Ants come in many varieties, none of which you want in your home. Pavement ants, also known as Tetramorium caespitum, are a very common form of ants. They take their name from the most common place they’re seen – on sidewalks and pavements.
Pavement ants are very small, about 3 millimeters long. They’re dark brown to black in color with six legs and antennae. You will most commonly notice them outside on pavers, concrete, sidewalks, etc., especially near small mounds of dirt on or near cracks and seams in the concrete.
Where do you find pavement ants?
As their name indicates, pavement ants are primarily outdoor insects. They typically nest beneath gravel, sand, pavement, sidewalks, concrete slabs, etc. While they do come inside to forage for food and, sometimes, to seek a warm spot during winter; the majority of pavement ants stay outside.
Because they don’t nest in, eat or damage wood, pavement ants do not cause structural damage. They do sometimes nest inside over the winter. When they do, you will tend to find these ants near masonry walls on the ground level, in wall or ceiling voids, under floors, in wall insulation or near sources of heat. They will travel along pipes, electrical lines, conduits, along baseboards and near the edges of carpeting.
Pavement ants enter homes and buildings through expansion joints, cracks in the building’s concrete slab, weep holes, gaps, sub-slab heating ducts, around waste pipes, bathroom traps, and other small openings. Pavement ants can also follow trails as far as 30 feet when they’re searching for food.
Still, in general, pavement ants prefer to live outside. Carpenter ants are a much bigger problem indoors.
How can you tell if pavement ants are inside?
While pavement ants generally stay outdoors, here’s how to tell if they came inside:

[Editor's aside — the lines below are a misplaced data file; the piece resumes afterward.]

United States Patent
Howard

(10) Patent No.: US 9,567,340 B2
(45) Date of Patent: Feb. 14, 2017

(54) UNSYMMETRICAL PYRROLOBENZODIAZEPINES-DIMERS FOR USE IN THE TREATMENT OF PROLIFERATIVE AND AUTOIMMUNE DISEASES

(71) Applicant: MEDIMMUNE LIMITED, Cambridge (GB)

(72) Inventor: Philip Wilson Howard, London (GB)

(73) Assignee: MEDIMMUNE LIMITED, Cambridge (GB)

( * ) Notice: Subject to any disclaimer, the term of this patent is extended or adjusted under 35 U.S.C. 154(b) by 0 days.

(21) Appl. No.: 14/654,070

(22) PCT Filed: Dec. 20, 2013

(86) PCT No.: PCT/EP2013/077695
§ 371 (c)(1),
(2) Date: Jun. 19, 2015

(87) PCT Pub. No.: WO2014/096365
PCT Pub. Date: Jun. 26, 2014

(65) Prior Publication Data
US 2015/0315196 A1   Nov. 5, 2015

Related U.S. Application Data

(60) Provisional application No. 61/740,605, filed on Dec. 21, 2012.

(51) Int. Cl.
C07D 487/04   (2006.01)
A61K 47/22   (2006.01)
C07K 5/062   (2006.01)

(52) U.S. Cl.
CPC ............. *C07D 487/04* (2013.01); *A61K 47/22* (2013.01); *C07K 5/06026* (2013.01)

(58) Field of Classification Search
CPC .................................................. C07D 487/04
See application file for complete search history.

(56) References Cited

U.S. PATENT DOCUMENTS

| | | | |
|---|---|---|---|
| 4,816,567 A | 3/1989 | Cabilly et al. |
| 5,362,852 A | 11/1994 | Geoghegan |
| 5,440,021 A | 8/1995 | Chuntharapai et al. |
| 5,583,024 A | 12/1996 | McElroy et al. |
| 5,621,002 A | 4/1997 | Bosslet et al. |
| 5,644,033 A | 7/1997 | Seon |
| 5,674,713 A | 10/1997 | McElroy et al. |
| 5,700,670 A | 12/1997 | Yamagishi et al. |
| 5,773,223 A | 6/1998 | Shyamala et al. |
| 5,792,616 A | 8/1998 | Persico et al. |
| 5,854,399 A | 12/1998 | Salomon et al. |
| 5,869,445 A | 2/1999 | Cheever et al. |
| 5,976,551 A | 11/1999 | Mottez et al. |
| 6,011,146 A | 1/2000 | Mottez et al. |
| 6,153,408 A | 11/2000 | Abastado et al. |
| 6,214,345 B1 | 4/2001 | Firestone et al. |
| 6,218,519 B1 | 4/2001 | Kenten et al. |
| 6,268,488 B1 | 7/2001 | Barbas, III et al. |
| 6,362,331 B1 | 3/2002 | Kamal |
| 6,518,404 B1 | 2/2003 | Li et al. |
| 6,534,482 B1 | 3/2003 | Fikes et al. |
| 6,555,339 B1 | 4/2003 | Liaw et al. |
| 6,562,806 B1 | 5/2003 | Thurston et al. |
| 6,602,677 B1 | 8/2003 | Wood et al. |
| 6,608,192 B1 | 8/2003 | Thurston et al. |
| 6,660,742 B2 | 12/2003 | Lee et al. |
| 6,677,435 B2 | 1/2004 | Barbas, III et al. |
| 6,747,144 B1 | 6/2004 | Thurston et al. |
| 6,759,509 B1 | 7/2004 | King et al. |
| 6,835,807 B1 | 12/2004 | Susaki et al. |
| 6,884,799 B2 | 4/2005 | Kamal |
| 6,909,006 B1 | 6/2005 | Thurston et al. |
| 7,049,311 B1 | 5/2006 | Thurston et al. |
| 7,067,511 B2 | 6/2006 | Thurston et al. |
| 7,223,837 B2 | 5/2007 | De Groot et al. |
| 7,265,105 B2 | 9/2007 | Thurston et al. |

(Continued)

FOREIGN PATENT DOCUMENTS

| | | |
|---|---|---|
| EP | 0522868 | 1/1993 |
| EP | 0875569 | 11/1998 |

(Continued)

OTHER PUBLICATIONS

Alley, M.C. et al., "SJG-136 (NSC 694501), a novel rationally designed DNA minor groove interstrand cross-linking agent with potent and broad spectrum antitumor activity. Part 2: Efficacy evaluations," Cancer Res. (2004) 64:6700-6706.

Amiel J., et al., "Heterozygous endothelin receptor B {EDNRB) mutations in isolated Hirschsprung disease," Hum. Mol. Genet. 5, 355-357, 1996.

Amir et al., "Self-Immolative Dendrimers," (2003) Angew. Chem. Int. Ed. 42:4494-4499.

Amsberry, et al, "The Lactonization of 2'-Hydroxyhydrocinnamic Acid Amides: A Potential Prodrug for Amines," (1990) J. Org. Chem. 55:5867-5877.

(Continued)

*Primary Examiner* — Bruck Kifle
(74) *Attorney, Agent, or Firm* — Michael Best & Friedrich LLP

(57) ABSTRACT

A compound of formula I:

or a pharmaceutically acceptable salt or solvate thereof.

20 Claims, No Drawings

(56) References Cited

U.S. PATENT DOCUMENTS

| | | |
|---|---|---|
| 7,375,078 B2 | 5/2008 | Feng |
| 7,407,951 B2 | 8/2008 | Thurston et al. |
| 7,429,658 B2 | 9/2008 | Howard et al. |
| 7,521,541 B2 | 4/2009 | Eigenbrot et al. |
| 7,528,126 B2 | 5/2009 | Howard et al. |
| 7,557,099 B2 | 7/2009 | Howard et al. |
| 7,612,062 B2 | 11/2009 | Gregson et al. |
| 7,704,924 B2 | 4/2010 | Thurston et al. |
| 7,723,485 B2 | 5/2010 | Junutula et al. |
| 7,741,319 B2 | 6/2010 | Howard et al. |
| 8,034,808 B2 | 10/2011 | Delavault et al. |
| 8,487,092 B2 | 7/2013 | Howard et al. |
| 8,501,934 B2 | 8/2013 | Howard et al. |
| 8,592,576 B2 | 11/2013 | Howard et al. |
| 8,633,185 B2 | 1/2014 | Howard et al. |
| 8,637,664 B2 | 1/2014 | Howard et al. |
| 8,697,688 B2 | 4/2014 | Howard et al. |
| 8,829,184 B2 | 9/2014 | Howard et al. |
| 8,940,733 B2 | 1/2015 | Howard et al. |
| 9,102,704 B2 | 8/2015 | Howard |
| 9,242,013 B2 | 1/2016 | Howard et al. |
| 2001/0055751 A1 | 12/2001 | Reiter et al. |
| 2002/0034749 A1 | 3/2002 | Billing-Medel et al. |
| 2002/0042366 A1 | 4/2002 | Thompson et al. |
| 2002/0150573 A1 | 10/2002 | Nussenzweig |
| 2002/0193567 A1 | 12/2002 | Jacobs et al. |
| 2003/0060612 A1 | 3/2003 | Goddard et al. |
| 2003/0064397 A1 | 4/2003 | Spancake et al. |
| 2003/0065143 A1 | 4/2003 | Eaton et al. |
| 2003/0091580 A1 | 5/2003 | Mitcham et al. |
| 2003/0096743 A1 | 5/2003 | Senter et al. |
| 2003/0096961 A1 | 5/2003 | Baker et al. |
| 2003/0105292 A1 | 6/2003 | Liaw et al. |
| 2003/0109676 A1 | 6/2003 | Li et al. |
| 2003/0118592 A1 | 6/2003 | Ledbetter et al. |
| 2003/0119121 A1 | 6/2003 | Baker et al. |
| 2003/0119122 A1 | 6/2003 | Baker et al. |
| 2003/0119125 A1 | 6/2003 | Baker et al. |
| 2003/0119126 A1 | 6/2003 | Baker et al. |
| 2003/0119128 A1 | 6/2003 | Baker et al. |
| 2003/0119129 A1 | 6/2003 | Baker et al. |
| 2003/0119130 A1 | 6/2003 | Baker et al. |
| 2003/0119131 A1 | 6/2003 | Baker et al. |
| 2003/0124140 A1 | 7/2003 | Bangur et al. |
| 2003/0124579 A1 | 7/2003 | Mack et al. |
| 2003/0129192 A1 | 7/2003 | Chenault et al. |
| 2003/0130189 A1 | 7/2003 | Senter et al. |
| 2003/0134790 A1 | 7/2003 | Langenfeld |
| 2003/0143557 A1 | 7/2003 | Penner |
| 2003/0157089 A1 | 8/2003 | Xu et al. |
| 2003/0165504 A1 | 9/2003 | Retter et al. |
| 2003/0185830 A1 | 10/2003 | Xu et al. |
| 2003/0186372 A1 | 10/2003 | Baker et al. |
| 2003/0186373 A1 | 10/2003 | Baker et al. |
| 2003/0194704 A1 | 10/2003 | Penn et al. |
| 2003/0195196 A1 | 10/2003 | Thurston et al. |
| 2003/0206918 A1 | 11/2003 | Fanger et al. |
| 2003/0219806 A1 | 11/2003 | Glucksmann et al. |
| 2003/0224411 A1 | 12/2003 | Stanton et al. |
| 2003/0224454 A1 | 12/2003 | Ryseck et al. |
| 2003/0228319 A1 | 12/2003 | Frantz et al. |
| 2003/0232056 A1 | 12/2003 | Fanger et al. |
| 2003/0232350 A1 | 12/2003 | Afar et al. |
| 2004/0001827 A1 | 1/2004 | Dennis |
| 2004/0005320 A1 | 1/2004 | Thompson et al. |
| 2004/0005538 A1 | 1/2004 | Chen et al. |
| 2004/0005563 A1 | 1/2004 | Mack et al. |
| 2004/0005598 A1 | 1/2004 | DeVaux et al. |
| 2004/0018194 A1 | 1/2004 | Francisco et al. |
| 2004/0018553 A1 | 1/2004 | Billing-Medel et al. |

1) A trail inside, especially in kitchens while they’re hunting for food.
2) Swarming ants
3) Piles of “ant dump,” which is dirt, debris, tiny pieces of concrete or mortar, etc. pushed out while pavement ants nest
A single ant or two can wander in or accidentally be carried inside any time. With regards to point number one above, if you see worker pavement ants consistently over a period of a few weeks, they might be nesting inside your home. Speaking of which…
What do pavement ants eat?
Pavement ants, Tetramorium caespitum, are also commonly called “sugar ants” in the United States, which are not to be confused with Camponotus consobrinus. That’s an Australian ant which is also referred to as “sugar ants.”
Pavement ants are often nicknamed “sugar ants” due to their taste in sweets. Sugar and crumbs from sweet foods attract them as do grains, cereal, and pet food. They can also be attracted by fats, grease and proteins. Outdoors, they are known to eat plant roots, seeds and the honeydew from aphids.
Can pavement ants sting?
Yes, but not usually humans.
Pavement ants do have a stinger but it’s primarily used when fighting with other ants. Even then pavement ants tend to be rather tame in comparison to some other insects, so they mostly fight to defend their territory, and attacking pavement ants tend to only do so when they need to expand into a new area that already has another ant colony.
Stingers in pavement ants are fairly weak. They’re not strong enough to break human skin so they’re more of a nuisance (unlike wasps, hornets, or yellow jackets).
Pavement ants, however, are very territorial and can get into fights on a large scale with other pavement ant colonies, especially in the spring and early summer. When you see large amounts of pavement ants on the sidewalk, this might be what happened.
Arrow Can Handle Your Ants
If you’re not sure what type of ants have gotten into your home, call Arrow Exterminating to identify and eliminate them. Our experts will help identify if you have a problem, what types of ants are involved, and then we’ll explain our plan to stop your infestation. To get started, contact Arrow today.